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Moto X Pure Edition 64GB Android Smartphone (GSM & CDMA Unlocked)
The Moto X Pure Edition packs a ton of power into its slim frame, including a hexa-core processor, 21MP camera, and quad-HD display. It’s also designed to play nice with your pre-existing smartphone plan—it’s compatible with Verizon, Sprint, AT&T, T-Mobile, and most other networks.
Vivid Images with Quad HD
Not only does this screen provide plenty of space for watching video and surfing the Web; it also renders images with finer detail than many HDTVs. A 2560x1440 Quad HD resolution stuffs the display with more than 3.6 million pixels—four times the number of a 720p HDTV—to make photos, movies, and games pop with rich color and detail.
Google Play: Apps, Entertainment, and More
The official online marketplace for Android devices, Google Play brims with well over a million downloadable apps, as well as songs, movies, TV shows, and e-books. It also offers content for customizing your device’s functionality, from virtual keyboards to lock screens.
Don’t worry about leaving the house with a half-charged phone. TurboPower charging technology lets the Moto X draw up to 10 hours of battery life from just 15 minutes of charging, letting you top off your phone for a night out in no time.
- Operating system: Android 5.1.1 Lollipop
- Screen: 5.7” IPS TFT LCD
- Resolution: Quad HD 1440 x 2560
- Processor: 1.8GHz Qualcomm Snapdragon 808 hexa-core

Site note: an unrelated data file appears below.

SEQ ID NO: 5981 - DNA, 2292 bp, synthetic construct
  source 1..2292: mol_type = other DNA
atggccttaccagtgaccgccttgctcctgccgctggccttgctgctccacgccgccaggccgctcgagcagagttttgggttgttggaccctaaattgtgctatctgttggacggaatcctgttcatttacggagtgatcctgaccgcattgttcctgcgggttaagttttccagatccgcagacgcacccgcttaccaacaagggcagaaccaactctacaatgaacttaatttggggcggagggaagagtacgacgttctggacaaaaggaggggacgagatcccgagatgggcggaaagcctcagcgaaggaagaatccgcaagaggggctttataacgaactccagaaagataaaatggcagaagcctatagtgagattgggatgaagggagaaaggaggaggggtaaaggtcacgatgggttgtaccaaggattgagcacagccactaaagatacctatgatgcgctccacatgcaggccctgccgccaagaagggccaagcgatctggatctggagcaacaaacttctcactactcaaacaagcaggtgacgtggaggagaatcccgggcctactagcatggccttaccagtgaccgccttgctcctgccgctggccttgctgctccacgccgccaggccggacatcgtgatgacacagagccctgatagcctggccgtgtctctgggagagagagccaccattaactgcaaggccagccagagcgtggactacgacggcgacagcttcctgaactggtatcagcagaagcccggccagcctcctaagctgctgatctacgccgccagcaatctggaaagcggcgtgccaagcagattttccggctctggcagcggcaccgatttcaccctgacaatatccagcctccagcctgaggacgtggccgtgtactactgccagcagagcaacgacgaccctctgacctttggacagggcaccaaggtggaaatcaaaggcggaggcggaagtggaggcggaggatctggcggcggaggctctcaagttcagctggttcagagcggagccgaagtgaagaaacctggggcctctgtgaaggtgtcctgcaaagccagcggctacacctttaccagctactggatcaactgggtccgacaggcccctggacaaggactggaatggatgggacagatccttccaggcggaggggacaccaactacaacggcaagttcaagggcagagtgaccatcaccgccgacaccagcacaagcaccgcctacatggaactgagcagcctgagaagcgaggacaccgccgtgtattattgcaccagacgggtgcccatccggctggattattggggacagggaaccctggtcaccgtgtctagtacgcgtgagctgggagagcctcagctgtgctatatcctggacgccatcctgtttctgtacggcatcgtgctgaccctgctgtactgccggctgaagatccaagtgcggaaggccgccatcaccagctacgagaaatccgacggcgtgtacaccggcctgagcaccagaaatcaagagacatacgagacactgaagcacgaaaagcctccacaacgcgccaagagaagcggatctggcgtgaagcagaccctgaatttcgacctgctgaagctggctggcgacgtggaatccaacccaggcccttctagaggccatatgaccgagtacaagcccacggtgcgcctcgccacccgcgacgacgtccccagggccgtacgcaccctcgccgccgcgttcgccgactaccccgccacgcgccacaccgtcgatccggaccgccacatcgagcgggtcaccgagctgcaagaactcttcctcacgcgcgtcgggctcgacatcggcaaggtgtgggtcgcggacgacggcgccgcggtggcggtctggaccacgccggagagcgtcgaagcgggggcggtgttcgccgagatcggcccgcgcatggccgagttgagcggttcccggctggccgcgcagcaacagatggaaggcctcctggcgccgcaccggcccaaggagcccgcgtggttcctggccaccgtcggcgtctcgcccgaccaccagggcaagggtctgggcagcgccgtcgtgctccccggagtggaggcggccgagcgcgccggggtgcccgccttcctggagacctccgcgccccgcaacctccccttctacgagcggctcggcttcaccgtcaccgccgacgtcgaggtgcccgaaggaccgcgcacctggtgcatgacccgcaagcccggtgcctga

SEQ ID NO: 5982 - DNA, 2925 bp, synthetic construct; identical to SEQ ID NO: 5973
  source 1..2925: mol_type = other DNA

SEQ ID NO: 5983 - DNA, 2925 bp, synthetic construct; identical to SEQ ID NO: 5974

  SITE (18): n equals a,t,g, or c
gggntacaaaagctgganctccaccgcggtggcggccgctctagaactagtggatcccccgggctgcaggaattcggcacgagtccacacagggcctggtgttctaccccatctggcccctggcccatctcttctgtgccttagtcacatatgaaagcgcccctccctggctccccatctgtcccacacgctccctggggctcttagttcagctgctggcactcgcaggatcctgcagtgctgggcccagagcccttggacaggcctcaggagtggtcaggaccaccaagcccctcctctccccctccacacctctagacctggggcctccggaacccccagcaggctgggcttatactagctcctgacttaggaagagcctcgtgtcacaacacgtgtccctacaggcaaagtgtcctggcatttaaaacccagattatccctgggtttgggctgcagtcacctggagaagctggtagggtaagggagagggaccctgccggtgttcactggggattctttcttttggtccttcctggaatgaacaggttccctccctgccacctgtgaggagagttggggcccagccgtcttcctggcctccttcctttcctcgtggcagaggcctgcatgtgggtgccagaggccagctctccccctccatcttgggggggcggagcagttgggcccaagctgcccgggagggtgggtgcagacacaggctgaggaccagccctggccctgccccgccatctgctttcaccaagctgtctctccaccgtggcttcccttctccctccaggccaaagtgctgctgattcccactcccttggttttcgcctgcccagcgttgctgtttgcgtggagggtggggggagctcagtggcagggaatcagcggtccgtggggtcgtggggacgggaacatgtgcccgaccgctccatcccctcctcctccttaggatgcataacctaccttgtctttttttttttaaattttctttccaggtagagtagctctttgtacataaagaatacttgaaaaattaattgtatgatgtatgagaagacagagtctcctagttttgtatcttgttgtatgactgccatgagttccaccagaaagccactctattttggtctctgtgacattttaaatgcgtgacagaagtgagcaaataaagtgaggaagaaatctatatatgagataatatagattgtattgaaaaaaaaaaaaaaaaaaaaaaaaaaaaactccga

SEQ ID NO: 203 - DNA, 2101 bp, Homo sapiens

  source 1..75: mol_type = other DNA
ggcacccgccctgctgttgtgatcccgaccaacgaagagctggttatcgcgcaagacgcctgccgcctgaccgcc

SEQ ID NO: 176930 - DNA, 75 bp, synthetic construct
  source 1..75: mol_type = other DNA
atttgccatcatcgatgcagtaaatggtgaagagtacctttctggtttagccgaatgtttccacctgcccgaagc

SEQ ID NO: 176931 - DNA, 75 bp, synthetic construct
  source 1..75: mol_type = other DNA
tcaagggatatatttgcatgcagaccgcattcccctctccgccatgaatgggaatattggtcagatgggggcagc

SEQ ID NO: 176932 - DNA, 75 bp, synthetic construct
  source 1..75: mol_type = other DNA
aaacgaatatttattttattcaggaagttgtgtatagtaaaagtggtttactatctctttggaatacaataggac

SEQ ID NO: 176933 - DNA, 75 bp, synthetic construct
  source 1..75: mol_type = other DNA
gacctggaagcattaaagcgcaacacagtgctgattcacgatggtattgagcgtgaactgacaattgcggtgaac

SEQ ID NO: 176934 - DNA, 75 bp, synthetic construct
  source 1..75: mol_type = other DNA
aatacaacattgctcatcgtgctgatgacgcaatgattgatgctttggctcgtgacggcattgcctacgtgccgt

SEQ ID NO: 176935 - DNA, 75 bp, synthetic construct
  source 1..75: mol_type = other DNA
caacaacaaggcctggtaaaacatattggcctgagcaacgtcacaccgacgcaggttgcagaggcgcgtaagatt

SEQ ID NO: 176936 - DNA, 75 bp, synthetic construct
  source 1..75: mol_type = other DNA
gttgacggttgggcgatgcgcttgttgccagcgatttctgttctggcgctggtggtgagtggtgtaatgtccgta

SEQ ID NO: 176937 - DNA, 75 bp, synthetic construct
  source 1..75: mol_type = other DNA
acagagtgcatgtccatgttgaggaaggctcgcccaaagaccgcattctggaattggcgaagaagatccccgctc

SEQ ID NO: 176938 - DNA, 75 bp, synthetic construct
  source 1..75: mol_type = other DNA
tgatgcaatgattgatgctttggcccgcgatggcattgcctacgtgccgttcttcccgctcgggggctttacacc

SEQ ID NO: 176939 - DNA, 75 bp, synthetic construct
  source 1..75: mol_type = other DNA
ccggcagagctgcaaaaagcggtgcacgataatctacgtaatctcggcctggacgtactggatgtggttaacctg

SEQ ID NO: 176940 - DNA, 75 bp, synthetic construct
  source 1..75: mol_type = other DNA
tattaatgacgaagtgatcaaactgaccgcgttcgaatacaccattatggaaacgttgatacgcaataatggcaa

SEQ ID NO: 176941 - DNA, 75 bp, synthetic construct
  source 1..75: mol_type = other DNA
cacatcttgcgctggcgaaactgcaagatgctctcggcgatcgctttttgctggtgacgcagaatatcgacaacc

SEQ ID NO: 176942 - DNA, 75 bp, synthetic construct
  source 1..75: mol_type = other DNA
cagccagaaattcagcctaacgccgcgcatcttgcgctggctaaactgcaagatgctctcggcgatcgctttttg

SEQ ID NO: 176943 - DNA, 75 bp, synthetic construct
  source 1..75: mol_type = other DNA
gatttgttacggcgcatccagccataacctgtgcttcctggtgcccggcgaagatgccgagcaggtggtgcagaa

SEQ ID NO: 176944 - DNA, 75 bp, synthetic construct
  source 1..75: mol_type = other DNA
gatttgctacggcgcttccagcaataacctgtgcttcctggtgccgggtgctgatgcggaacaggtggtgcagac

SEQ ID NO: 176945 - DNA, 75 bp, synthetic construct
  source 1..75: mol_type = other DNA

- RAM: 3GB
- Storage: 64GB
- Memory-card slot: micro SD
- Front camera: 5MP
- Rear camera: 21MP
- WiFi: 802.11ac
- Bluetooth: 4.1 LE
- Cellular data: 4G LTE
- Carrier compatibility: Unlocked for all GSM and CDMA carriers, including AT&T, T-Mobile, Verizon, and Sprint
- Ports: micro USB
- Battery: 3000 mAh
- Weight: 179g
- Product dimensions: 153.9mm x 76.2mm x 11.06mm
- Condition: new
- 1 year warranty from Motorola
In 1928, the first east-west transatlantic flight widened the horizons, making it easier than ever for people to live far from home or travel far from a jury summons. 1928 also saw the birth of the Galvin Manufacturing Organization, which would later change its name to Motorola. Its production lines bristled with wireless car radios and military transponders, all designed to connect Motorola customers near and far. In 1969, “far” took on a whole new meaning when Neil Armstrong used a Motorola transistor radio to communicate humankind’s first words from the moon’s surface.
Today, Motorola presses forward in their quest to keep people connected. Thanks to the company’s research, cell phones shrank in size until they were razor-thin, and now its Droid smartphones keep social media, email, and texting at customers’ fingertips.
Have more questions about carrier compatibility? Read our FAQ.
Customize the look of your phone and keep it in great shape with a cell phone case. Shop cases here.